Once upon a time there was a Beautiful Island with wonderful people that was regarded as God’s own country. After gaining Independence from a colonial power, the modern nation with an ancient civilization adopted a national anthem of its own. The anthem was written in the language spoken by the majority of its inhabitants. Subsequently it was translated into the language widely spoken by three of its minority communities. While the song in the language of the majority received pride of place, provision was made for both versions of the anthem to be sung whenever or wherever necessary. The melody composed for the original was the same for the translated version also.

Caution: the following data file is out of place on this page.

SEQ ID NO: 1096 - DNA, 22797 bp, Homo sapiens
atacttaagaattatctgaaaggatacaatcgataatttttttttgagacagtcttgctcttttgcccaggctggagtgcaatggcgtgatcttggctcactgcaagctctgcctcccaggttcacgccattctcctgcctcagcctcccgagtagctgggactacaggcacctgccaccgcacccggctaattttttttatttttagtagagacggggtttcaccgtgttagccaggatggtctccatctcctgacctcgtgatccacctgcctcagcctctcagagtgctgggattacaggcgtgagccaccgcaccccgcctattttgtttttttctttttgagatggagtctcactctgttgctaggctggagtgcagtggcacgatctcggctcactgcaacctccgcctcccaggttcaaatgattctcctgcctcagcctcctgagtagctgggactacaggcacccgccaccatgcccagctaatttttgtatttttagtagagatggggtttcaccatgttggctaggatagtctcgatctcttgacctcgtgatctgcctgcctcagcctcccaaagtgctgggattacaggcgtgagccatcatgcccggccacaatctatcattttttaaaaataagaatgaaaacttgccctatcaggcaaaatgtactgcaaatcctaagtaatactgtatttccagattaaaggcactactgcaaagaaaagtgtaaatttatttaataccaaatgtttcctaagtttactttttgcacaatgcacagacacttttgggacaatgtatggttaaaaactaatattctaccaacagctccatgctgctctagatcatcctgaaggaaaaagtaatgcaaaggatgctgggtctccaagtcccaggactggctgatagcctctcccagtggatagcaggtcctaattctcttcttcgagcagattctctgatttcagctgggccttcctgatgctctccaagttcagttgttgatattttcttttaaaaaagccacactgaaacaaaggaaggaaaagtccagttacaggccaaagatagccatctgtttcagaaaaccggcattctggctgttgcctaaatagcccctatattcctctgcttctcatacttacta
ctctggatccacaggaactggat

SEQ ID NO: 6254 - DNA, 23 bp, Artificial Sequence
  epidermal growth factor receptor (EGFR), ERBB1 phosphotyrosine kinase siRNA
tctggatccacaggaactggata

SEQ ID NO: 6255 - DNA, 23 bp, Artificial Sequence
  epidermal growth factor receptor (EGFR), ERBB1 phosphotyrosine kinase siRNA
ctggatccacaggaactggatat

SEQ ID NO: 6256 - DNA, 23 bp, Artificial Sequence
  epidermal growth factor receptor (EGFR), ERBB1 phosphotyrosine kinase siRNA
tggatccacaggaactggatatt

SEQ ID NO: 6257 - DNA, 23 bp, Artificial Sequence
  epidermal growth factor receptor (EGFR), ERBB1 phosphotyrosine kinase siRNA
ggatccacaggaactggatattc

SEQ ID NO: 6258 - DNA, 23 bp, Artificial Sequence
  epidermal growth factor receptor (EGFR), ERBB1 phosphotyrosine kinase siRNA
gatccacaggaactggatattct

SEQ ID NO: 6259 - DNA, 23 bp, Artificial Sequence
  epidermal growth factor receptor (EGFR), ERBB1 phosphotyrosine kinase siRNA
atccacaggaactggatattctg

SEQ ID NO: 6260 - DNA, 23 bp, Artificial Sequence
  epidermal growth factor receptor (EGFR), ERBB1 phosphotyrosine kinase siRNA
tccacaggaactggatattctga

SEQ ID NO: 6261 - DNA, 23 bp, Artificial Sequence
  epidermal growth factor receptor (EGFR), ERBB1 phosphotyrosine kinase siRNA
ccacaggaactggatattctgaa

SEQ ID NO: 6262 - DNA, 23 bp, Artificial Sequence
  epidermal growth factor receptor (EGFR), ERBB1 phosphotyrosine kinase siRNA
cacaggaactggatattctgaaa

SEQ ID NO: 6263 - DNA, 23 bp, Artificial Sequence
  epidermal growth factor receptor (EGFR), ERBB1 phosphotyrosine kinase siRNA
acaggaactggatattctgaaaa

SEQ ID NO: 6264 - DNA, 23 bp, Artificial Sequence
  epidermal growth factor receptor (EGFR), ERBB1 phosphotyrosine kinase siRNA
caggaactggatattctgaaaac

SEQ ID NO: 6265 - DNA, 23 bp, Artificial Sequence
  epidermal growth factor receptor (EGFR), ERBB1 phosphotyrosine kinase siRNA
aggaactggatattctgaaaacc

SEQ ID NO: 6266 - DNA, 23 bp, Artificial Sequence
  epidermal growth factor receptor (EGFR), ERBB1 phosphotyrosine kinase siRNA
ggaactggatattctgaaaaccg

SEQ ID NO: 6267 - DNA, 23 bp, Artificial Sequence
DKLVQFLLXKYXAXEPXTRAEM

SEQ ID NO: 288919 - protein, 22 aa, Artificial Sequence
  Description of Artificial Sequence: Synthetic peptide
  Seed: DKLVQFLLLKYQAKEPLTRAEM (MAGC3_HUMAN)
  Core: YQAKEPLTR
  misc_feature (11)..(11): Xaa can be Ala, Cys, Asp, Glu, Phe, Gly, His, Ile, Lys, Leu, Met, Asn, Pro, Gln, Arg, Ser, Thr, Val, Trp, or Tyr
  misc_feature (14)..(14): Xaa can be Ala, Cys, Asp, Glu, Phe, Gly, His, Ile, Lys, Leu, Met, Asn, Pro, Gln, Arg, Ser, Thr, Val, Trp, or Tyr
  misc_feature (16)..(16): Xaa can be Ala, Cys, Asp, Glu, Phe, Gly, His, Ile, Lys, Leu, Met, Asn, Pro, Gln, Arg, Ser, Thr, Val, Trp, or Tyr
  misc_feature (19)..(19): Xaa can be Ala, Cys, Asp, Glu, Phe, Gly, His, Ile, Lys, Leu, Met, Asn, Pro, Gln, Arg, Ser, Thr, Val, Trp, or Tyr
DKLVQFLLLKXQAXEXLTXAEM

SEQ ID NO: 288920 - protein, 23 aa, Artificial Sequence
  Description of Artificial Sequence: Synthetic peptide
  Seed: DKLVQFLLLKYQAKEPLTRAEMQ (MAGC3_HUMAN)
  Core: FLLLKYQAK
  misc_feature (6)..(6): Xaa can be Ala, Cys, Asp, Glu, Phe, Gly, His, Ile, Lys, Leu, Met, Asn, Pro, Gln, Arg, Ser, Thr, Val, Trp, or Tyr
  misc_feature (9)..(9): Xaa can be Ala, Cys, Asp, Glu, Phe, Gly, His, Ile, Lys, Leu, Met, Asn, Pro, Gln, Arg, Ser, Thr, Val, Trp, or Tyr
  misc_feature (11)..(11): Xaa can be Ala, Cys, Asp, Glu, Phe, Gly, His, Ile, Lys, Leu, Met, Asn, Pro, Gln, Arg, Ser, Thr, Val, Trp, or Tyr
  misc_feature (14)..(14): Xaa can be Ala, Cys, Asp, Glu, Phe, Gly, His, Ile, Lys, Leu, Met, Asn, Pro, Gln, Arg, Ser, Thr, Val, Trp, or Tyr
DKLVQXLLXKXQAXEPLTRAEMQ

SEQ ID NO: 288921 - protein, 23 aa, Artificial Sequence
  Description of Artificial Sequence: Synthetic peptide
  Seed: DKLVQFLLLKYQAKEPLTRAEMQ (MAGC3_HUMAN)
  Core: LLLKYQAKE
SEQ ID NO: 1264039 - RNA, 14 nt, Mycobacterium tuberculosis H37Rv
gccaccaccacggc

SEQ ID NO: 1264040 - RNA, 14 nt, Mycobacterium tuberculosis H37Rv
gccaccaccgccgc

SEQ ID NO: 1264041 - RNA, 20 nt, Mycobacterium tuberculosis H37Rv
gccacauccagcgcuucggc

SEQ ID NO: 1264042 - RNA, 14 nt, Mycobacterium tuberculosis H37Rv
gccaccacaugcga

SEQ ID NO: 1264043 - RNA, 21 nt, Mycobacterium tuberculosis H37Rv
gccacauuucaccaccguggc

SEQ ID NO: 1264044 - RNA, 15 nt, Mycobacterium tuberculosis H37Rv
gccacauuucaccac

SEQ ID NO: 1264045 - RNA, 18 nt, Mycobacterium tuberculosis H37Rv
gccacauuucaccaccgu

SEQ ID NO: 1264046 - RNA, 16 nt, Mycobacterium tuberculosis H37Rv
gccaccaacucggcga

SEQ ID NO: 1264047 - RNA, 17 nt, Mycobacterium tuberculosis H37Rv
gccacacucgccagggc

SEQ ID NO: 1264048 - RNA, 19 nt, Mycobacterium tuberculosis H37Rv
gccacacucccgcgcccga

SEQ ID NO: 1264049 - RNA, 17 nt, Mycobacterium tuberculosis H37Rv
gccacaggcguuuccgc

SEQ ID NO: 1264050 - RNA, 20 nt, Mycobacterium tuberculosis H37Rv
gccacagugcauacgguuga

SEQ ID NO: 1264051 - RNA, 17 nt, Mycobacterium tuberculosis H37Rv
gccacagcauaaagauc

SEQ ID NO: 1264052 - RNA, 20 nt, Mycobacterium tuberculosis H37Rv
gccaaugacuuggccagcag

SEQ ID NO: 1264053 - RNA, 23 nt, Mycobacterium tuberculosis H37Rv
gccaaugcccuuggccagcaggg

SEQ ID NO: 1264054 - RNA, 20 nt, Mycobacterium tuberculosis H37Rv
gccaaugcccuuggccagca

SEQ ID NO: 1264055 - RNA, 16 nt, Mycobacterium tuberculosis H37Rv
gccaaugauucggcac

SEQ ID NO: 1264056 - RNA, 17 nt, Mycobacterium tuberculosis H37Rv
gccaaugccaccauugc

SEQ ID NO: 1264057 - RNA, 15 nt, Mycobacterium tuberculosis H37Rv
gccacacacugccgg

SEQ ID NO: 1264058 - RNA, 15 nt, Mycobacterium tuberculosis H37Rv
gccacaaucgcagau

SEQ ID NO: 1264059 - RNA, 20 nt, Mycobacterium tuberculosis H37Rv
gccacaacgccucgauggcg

Both versions of the National anthem were sung or played in all parts of the country on appropriate occasions. When Independence day was observed the majority language version was sung at national level. However, in regions where the minority language was spoken most, the version sung at district level was that of the minority language. Similarly, schools where the medium of instruction was in the majority language the national anthem sung was also in the same language. Likewise schools where the minority language was the medium of instruction sang the national anthem in their language. In some places both versions were played one after the other. The anthem played at official functions at national level was in the language of the majority which had been enshrined as the country’s sole official language. This however did not deter the minority communities from singing the national anthem with patriotic fervour in their mother tongue on suitable occasions.